Killed for falling in love with the wrong person
Neenu Chacko had just enrolled for a course in geology and water management at BK College in Kottayam district of Kerala when she met Kevin Joseph, a mechanic by profession, at the bus stop. The meeting led to many phone calls. They became friends and then graduated to being lovers when Kevin professed his love. However, Neenu was not too sure, as deep inside she knew that her family would not be very accepting towards their relationship.
Kevin, a Dalit Christian, had never contemplated that he would have to pay with his life for having dared to love Neenu, an upper caste Christian. Immediately after the duo opted for a registered marriage, Kevin was abducted and killed by the girl’s brother. The killing comes as a shock, as it has not taken place during the Elizabethan era or in a country like Afghanistan or even in a state like Haryana, but in India’s most progressive and educated state, Kerala.
Kevin’s case is not unique. Delhi-based photographer, Ankit Saxena’s killing in broad daylight for having loved a Muslim girl, is another love story which had a painful end, simply in the name of saving a family’s honour.
Related reading: How we waited for eight years for our families to accept our love
Social norms dictate the rules of honour
“Honour killing, as the name suggests, is a way of avenging the sense of insult inflicted upon the family for a lower caste man daring to love an upper caste girl, as in this case. It’s done to instil a sense of fear in people daring to love beyond the norms set by the society,” says V Suresh, national general secretary of People’s Union for Civil Liberties.
Steve Taylor, a senior lecturer in psychology at Leeds Beckett University, UK, notes, “Women of patriarchal societies are seen as a bearer of a family’s honour. They need to dress in a certain way, behave in a certain way and also agree to marry a man chosen by her family. If a woman behaves in a way which contradicts the norms set by the society, then it is considered to be dishonourable and hence can be punished by death.”
Related reading: Here are some social norms in India that you should break free from
Fear of what society will say
Hashir Ahamed from Chennai, who has studied the psychology behind honour killing, explains, “There are two main emotions that any human experiences – love and fear. Often fear overtakes love and that makes an individual commit a crime like honour killing.
Often fear overtakes love and that makes an individual commit a crime like honour killing.
In most of these cases, the parents are torn between their love for their child and the fear of being bad-mouthed in the community. It has been observed that in most cases the fear of earning a bad name in the society wins, thereby leading to the murder of those who dared to defy the norms set by the society.”
He points out, “The moment parents accept the relationship, and overcome the fear of losing one’s honour, things can be worked out. The family needs to understand that their child’s love relation is not the first inter-caste or inter-religion marriage. Bollywood has plenty of such ‘happily married after’ couples who are really happy despite having an inter-faith marriage. Look at Shah Rukh and Gauri, don’t they make a lovely inter-faith couple? They didn’t even have to change their religion.”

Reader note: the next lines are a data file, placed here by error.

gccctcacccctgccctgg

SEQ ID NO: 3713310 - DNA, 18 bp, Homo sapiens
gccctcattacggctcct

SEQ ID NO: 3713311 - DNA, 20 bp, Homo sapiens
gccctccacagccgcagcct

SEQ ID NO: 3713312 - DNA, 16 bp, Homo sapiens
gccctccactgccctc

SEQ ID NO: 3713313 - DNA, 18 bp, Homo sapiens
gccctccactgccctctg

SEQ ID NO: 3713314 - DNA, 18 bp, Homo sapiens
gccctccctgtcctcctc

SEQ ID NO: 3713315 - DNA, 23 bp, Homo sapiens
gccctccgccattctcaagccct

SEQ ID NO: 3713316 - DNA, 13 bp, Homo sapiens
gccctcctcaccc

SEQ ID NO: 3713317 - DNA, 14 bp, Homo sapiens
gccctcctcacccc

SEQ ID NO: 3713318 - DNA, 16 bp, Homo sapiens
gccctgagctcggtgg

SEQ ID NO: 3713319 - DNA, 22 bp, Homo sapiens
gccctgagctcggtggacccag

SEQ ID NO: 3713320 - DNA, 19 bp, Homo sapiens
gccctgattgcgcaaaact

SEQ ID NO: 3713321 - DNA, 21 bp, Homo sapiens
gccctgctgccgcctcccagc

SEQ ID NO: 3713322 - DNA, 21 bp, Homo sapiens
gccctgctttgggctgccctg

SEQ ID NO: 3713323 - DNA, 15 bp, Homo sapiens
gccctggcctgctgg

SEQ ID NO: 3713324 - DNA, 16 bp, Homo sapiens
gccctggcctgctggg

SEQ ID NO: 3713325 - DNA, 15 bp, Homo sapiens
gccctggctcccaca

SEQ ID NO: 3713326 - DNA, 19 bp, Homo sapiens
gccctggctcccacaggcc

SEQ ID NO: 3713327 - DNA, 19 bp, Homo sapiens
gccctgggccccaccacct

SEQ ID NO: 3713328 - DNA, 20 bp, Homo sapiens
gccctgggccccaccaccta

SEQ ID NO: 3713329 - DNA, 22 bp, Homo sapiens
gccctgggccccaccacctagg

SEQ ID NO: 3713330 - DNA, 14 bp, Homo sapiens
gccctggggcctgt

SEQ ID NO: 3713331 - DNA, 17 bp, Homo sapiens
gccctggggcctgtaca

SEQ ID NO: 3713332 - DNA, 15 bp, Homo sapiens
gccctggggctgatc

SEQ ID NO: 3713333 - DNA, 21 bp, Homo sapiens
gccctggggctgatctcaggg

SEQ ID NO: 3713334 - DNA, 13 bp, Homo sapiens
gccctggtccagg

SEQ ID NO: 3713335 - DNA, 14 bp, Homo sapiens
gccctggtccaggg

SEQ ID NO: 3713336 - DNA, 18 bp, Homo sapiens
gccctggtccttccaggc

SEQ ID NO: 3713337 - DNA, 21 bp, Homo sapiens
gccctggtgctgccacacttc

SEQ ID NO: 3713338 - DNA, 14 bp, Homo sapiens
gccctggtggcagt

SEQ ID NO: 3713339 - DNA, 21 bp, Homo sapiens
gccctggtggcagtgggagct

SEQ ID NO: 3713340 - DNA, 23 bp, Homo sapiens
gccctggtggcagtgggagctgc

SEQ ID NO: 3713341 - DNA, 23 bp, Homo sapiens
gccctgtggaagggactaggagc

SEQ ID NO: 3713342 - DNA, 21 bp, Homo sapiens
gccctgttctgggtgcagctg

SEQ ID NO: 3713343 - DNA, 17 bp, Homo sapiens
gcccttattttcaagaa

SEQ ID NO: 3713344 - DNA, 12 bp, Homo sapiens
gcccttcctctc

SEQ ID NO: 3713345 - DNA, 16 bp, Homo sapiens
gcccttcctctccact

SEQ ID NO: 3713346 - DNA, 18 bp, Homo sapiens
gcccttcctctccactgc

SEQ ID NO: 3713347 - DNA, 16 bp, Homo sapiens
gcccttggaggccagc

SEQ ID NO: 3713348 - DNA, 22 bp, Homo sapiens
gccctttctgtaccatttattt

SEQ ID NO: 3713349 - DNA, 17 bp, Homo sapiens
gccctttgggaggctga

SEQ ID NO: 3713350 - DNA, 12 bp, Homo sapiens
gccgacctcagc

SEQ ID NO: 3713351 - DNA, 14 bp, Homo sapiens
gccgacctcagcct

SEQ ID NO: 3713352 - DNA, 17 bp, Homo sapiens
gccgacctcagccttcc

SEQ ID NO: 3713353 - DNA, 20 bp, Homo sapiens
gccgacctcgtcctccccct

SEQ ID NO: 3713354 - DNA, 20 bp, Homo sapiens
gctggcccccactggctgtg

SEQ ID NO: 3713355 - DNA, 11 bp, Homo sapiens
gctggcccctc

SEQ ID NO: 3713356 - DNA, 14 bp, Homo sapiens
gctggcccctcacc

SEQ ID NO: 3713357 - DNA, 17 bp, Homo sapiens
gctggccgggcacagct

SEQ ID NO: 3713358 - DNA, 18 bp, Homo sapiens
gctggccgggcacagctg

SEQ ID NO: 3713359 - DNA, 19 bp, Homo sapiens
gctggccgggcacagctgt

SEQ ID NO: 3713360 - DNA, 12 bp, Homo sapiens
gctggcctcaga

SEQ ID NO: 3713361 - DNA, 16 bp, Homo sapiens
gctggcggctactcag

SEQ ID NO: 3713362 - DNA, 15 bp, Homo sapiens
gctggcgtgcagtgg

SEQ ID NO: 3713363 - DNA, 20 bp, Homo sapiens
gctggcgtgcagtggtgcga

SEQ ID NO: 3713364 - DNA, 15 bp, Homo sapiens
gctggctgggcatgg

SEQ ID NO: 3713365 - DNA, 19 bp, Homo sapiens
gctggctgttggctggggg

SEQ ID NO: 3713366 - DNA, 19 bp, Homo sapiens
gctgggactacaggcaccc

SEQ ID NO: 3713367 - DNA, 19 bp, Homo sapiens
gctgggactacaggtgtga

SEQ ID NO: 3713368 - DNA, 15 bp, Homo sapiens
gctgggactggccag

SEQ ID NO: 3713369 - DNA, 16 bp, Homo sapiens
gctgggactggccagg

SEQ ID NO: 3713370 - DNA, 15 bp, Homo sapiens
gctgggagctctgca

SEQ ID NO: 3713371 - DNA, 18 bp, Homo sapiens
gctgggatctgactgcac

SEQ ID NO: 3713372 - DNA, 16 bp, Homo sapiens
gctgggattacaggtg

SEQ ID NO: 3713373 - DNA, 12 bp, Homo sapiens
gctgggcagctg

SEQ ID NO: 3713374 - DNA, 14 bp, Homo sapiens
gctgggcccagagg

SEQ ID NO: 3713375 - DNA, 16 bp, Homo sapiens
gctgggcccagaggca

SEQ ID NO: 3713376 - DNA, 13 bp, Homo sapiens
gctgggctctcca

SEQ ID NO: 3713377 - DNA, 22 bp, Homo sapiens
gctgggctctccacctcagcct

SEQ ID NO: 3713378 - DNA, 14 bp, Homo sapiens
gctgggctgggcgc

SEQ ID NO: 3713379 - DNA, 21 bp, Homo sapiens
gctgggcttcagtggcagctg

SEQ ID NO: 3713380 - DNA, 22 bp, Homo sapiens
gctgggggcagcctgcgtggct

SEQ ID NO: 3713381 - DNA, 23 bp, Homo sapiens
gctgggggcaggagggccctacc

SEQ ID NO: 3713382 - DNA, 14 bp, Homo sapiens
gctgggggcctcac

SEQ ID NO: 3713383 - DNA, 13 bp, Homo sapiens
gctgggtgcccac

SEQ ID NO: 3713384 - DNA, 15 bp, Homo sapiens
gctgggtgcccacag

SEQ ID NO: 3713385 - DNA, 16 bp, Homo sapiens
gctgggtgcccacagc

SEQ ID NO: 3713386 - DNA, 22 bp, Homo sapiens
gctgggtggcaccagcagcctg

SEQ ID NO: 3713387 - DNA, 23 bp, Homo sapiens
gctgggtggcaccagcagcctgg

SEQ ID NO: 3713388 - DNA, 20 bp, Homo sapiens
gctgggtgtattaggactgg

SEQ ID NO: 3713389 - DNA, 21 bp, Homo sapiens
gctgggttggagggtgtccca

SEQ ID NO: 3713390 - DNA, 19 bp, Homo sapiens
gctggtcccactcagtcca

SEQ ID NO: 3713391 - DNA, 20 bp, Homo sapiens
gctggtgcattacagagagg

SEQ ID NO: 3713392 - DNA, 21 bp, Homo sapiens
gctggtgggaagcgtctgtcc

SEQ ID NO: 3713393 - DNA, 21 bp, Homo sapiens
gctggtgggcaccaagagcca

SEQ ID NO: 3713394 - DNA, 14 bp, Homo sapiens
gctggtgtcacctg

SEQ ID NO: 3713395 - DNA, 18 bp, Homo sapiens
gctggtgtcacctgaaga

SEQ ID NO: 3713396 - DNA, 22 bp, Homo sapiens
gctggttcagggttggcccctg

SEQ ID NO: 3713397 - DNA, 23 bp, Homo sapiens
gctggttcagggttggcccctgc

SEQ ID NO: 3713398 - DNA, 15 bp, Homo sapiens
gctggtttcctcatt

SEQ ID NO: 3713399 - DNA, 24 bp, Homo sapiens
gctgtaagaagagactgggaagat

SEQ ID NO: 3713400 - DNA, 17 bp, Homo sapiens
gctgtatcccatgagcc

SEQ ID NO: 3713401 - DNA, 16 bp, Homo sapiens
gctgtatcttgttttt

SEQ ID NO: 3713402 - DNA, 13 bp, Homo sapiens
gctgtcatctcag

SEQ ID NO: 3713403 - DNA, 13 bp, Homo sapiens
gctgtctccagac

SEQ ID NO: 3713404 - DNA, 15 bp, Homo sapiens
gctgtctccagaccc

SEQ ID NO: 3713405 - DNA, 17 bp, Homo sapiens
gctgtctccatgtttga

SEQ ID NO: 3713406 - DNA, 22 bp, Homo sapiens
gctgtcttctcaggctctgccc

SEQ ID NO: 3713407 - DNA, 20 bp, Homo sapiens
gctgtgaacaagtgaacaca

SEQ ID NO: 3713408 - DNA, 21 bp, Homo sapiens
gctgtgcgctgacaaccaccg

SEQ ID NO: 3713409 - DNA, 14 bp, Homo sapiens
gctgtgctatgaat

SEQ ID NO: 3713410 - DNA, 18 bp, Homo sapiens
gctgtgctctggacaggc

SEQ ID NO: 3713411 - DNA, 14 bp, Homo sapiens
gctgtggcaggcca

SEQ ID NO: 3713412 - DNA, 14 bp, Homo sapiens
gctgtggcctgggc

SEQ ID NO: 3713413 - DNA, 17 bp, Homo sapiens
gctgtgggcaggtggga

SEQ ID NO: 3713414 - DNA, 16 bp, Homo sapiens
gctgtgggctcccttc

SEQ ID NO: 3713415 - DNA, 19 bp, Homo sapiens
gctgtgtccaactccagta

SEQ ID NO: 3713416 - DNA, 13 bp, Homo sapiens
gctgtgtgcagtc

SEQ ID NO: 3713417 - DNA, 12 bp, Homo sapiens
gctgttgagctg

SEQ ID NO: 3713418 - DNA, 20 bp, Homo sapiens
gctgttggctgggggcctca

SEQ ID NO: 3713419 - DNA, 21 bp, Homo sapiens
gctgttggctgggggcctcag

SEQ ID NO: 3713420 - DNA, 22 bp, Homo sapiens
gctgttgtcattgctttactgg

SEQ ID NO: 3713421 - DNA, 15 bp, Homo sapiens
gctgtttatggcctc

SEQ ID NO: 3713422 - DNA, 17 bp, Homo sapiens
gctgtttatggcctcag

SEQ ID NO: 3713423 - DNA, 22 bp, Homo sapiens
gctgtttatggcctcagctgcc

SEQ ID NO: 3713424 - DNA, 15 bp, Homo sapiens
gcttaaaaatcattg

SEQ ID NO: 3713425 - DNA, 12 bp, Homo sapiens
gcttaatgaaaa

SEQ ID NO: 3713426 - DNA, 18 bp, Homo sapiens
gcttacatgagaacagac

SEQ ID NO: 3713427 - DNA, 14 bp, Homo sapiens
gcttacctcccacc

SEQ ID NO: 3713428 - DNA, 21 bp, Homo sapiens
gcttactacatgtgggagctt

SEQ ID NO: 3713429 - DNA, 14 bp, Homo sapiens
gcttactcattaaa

Perhaps he has a point. If we look around, amongst us, we can find many such couples who have defied the norms and are living happily. That is precisely because their parents at some point gave in and accepted the relationship.
Women are treated like property that must follow social dictates
Jaipur-based psychotherapist, Dr Anamika Papriwal, elaborates, “Women are treated like family property, and are expected to behave in a certain way. When they do anything beyond the prescribed norms, then there seems to a societal pressure on them to have it rectified in order to conform to the norm. This tussle in their mind often creates a psychological fear of being boycotted by the society or ‘what people will say’ syndrome. Hence, they resort to killing their child or their lover in order to retain their honour. Acceptance and forgiveness is the key to controlling hate.”
Perhaps that is the reason, why Ankit’s father chose to overcome the hate even after his young son had been killed. Determined to bridge the difference that still bedevils society, he threw an open inter-faith iftar party.
Related reading: How I convinced my father-in-law
How to prevent honour killing
Dr Papriwal suggested a few things for the parents to remember, when confronted with the news of their child falling in love with someone they don’t approve of.
- Your child has the right to choose
- Your child’s love story is not the first inter-faith or inter-caste love story
- Accept your child’s choice
- Don’t hate your child’s partner just because your child defied you
- Consult a psychologist immediately, if you feel that you can’t contain the hate
- Hate is a powerful emotion, you can control it only by forgiving
- If you are still against the relationship, have an open discussion with the couple and their respective families
- Remember, your child is most important. The society comes later. If you accept the relationship, people will talk for a while and then forget, once they get something else to gossip about
- There is always a way out, without killing